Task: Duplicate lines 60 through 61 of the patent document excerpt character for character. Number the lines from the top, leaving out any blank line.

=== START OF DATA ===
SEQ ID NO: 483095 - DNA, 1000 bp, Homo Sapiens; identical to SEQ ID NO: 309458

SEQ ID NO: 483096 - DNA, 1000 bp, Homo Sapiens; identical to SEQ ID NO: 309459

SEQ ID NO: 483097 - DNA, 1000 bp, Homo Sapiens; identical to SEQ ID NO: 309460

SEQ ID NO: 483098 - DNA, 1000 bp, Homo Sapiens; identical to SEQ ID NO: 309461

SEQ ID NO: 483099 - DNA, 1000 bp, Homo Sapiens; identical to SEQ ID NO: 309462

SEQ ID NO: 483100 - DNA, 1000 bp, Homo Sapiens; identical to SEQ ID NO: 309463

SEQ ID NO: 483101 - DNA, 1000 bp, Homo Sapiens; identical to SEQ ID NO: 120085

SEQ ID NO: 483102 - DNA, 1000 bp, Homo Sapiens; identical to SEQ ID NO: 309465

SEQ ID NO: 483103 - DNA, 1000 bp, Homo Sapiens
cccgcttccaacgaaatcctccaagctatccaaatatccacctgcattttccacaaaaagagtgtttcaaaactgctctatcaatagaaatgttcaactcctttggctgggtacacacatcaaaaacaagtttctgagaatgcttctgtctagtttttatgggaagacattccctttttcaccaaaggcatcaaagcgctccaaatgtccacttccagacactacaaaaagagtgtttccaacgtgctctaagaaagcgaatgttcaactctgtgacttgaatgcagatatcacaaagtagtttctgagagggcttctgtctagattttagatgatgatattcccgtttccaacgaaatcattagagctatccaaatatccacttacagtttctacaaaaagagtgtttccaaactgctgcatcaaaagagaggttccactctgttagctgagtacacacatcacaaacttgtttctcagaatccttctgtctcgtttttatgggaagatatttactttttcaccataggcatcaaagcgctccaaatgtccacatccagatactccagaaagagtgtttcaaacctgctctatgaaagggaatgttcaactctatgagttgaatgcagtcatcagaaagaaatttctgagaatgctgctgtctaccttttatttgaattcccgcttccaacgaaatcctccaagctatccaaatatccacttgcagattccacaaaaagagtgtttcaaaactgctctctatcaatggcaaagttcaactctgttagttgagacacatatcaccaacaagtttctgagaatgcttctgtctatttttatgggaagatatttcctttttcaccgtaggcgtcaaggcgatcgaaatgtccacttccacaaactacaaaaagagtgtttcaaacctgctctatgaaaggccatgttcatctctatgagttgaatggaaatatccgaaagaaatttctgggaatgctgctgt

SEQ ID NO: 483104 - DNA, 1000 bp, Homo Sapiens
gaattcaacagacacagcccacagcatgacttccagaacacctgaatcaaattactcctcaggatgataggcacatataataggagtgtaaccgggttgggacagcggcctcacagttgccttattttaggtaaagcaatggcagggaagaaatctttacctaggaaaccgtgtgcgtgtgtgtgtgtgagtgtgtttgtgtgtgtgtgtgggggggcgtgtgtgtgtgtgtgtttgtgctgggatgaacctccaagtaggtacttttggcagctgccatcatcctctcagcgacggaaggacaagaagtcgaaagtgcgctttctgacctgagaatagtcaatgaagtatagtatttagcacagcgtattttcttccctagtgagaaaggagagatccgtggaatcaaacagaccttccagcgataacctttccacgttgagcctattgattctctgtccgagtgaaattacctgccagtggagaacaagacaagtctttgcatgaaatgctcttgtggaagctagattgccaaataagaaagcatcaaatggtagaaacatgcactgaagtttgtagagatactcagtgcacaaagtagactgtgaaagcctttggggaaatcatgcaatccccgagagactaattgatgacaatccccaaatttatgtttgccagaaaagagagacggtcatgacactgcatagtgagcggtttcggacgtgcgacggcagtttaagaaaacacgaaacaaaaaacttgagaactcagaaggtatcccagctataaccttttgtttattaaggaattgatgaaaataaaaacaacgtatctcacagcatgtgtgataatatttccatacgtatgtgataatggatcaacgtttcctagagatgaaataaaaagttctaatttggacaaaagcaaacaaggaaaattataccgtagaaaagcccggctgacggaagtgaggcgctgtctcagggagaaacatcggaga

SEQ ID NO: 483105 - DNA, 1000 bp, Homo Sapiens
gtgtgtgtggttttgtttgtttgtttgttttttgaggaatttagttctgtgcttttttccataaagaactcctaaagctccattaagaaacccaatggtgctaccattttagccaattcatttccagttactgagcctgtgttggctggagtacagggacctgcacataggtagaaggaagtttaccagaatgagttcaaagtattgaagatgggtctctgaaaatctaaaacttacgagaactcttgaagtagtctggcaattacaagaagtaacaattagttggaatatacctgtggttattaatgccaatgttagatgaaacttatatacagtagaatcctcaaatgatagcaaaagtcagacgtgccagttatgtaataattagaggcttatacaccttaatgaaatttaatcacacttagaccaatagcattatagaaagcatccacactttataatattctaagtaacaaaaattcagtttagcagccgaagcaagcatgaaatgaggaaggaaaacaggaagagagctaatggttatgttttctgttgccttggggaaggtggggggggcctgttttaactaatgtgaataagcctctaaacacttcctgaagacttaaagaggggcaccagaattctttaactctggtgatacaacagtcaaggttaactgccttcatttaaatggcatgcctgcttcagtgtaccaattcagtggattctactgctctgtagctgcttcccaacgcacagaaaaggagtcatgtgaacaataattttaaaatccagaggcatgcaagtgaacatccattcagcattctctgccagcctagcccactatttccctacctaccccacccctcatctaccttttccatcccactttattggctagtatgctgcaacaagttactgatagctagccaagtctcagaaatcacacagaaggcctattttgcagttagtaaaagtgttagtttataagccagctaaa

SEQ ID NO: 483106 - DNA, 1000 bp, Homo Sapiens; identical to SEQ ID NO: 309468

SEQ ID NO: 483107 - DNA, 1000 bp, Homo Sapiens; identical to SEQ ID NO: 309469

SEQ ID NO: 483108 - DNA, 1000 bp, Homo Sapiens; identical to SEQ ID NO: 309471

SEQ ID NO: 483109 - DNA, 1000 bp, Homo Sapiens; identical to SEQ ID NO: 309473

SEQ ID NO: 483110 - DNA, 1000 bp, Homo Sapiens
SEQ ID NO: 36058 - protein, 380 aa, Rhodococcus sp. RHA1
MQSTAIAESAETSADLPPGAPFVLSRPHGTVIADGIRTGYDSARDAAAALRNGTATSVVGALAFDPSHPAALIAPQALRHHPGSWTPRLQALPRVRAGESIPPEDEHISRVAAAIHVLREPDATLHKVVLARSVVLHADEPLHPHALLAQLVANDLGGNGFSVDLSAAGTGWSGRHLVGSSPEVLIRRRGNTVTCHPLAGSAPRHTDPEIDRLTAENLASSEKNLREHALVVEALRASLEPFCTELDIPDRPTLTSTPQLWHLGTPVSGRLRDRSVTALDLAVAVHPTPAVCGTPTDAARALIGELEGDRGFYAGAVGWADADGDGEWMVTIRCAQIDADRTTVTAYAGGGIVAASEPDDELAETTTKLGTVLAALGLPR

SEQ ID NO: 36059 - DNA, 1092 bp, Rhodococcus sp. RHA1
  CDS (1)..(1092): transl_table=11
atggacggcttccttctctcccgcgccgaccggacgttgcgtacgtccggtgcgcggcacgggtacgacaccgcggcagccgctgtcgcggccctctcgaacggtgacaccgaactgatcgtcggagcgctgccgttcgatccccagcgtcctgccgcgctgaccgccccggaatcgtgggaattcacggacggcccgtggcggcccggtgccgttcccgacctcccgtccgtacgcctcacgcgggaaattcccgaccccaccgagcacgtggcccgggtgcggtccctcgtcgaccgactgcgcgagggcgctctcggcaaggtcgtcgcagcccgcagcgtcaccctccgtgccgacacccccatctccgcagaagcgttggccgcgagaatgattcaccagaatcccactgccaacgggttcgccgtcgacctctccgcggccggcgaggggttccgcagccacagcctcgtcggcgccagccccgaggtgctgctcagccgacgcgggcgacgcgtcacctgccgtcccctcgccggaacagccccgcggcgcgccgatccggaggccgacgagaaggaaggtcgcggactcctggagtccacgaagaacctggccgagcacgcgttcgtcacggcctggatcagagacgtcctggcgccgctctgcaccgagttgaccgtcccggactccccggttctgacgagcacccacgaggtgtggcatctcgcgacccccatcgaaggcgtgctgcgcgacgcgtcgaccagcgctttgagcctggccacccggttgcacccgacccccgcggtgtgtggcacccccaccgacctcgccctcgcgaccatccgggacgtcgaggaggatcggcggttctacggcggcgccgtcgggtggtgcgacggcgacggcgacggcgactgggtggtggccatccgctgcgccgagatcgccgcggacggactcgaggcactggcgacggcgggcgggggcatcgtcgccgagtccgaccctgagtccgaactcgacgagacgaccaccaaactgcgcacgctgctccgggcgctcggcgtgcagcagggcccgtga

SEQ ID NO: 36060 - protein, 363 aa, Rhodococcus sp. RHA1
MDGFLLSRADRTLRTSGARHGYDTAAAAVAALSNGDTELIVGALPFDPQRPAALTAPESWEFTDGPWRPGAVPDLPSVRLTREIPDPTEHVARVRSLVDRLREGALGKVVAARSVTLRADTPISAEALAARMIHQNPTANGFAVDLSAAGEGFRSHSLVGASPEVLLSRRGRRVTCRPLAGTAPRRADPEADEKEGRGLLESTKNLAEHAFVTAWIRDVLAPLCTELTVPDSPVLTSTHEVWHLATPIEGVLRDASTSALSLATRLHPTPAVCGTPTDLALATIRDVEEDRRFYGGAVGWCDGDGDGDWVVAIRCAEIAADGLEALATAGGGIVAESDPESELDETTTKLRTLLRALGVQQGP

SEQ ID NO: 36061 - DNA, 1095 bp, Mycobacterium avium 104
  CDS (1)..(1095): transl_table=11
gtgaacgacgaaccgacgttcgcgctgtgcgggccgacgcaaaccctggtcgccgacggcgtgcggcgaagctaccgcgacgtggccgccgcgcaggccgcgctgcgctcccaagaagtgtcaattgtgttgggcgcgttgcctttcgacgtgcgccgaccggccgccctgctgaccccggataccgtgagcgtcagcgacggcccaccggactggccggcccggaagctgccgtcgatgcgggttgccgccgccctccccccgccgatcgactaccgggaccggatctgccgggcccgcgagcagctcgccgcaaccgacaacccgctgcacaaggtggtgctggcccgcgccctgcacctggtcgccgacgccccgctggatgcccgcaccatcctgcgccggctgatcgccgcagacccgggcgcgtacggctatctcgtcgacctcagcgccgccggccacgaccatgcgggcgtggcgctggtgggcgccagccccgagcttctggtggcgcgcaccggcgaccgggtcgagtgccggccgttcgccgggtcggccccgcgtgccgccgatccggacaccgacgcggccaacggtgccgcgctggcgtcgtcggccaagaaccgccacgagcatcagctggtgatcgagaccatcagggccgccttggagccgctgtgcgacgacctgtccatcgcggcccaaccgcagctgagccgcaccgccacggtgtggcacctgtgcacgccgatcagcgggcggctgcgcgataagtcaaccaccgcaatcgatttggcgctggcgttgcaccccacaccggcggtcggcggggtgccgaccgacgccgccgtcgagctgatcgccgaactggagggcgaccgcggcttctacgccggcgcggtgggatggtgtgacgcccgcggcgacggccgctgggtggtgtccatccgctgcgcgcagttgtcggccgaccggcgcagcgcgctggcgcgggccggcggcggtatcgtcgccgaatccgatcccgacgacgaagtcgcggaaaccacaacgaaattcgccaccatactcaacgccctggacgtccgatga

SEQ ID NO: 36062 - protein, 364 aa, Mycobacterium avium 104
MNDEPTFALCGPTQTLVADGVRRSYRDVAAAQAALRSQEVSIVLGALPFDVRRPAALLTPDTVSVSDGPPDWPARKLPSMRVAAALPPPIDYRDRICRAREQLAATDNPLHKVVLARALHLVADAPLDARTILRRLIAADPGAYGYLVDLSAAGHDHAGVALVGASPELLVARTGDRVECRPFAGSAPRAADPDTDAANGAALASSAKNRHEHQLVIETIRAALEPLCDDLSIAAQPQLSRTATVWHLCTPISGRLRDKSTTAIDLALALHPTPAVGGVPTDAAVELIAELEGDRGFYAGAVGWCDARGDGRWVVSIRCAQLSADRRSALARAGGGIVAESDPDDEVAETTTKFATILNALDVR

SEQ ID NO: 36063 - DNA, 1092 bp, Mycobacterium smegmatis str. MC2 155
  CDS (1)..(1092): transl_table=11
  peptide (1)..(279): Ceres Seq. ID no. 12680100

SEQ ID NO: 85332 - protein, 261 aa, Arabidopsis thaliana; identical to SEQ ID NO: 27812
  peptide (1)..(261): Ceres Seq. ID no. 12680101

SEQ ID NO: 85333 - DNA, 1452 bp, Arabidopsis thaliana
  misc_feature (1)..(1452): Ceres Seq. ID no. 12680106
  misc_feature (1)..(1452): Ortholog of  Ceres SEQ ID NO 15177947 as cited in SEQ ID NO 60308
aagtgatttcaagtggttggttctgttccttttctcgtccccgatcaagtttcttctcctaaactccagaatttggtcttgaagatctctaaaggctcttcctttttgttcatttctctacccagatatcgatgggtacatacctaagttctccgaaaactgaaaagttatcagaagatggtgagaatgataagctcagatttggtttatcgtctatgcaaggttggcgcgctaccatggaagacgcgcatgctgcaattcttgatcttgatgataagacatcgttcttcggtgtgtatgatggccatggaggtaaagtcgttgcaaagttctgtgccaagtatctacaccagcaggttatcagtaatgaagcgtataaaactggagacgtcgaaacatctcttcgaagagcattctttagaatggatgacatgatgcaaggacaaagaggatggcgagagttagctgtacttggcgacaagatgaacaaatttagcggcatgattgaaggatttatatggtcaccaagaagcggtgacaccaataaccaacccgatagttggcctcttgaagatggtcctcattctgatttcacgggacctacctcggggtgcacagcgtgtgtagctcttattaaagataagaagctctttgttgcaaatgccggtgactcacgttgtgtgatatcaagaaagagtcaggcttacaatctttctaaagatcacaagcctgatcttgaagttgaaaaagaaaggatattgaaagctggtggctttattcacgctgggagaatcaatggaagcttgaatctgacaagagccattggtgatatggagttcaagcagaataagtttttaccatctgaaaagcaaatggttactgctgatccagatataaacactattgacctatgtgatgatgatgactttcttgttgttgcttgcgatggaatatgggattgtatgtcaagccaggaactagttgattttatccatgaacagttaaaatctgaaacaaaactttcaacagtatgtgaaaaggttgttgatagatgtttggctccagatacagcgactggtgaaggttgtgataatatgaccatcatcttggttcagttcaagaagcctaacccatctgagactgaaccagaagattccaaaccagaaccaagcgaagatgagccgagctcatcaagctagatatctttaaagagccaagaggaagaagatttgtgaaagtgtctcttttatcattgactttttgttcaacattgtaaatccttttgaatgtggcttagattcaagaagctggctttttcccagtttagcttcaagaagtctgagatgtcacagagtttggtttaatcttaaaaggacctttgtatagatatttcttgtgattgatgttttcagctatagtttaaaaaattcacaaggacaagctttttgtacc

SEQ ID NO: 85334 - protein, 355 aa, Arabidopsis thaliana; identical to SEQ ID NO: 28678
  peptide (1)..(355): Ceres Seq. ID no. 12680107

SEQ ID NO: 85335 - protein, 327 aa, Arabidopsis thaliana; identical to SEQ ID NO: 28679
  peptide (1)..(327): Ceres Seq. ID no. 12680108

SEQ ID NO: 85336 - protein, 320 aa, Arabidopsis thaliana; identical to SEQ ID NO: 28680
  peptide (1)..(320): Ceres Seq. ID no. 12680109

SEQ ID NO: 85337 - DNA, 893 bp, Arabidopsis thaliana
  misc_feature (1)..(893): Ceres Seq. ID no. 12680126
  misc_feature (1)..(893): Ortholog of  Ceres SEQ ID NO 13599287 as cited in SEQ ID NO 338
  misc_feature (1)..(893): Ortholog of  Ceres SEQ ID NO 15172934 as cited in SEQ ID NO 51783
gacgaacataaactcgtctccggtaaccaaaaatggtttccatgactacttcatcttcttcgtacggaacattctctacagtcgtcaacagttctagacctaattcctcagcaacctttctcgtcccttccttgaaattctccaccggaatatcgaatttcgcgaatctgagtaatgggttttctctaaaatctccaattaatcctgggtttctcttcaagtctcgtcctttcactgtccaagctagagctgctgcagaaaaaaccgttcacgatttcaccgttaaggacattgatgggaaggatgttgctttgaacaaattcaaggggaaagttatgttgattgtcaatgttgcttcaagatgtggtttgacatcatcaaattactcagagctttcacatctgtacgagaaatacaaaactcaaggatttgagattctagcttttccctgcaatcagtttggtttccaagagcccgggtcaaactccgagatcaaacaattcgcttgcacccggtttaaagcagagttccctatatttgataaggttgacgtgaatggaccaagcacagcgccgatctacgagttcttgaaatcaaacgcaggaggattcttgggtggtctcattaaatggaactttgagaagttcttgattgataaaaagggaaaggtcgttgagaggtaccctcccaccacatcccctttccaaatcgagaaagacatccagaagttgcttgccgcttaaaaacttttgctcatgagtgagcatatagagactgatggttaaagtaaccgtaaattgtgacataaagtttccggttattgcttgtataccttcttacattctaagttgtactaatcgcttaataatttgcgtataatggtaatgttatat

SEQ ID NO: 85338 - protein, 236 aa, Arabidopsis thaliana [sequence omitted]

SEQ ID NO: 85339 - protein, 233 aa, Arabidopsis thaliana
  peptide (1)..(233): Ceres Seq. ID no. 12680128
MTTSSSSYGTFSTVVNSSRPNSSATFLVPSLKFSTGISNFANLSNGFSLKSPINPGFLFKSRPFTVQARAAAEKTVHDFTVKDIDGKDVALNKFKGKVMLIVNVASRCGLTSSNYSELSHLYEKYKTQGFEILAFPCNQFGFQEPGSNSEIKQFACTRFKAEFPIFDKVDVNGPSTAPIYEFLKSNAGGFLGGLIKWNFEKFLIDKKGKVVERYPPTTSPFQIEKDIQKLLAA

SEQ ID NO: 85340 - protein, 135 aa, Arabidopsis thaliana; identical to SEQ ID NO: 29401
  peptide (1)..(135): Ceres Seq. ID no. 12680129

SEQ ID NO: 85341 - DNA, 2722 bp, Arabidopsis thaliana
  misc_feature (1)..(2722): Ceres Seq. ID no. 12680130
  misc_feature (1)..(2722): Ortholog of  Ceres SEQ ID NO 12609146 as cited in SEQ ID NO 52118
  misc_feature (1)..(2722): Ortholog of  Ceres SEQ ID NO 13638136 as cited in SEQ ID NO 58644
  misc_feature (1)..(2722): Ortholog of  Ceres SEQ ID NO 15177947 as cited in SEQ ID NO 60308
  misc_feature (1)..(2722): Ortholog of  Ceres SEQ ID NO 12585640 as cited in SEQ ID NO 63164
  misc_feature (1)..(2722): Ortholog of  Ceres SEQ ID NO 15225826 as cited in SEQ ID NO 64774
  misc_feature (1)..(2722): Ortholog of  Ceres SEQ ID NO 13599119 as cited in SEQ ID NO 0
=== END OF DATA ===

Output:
  misc_feature (1)..(2722): Ortholog of  Ceres SEQ ID NO 12609146 as cited in SEQ ID NO 52118
  misc_feature (1)..(2722): Ortholog of  Ceres SEQ ID NO 13638136 as cited in SEQ ID NO 58644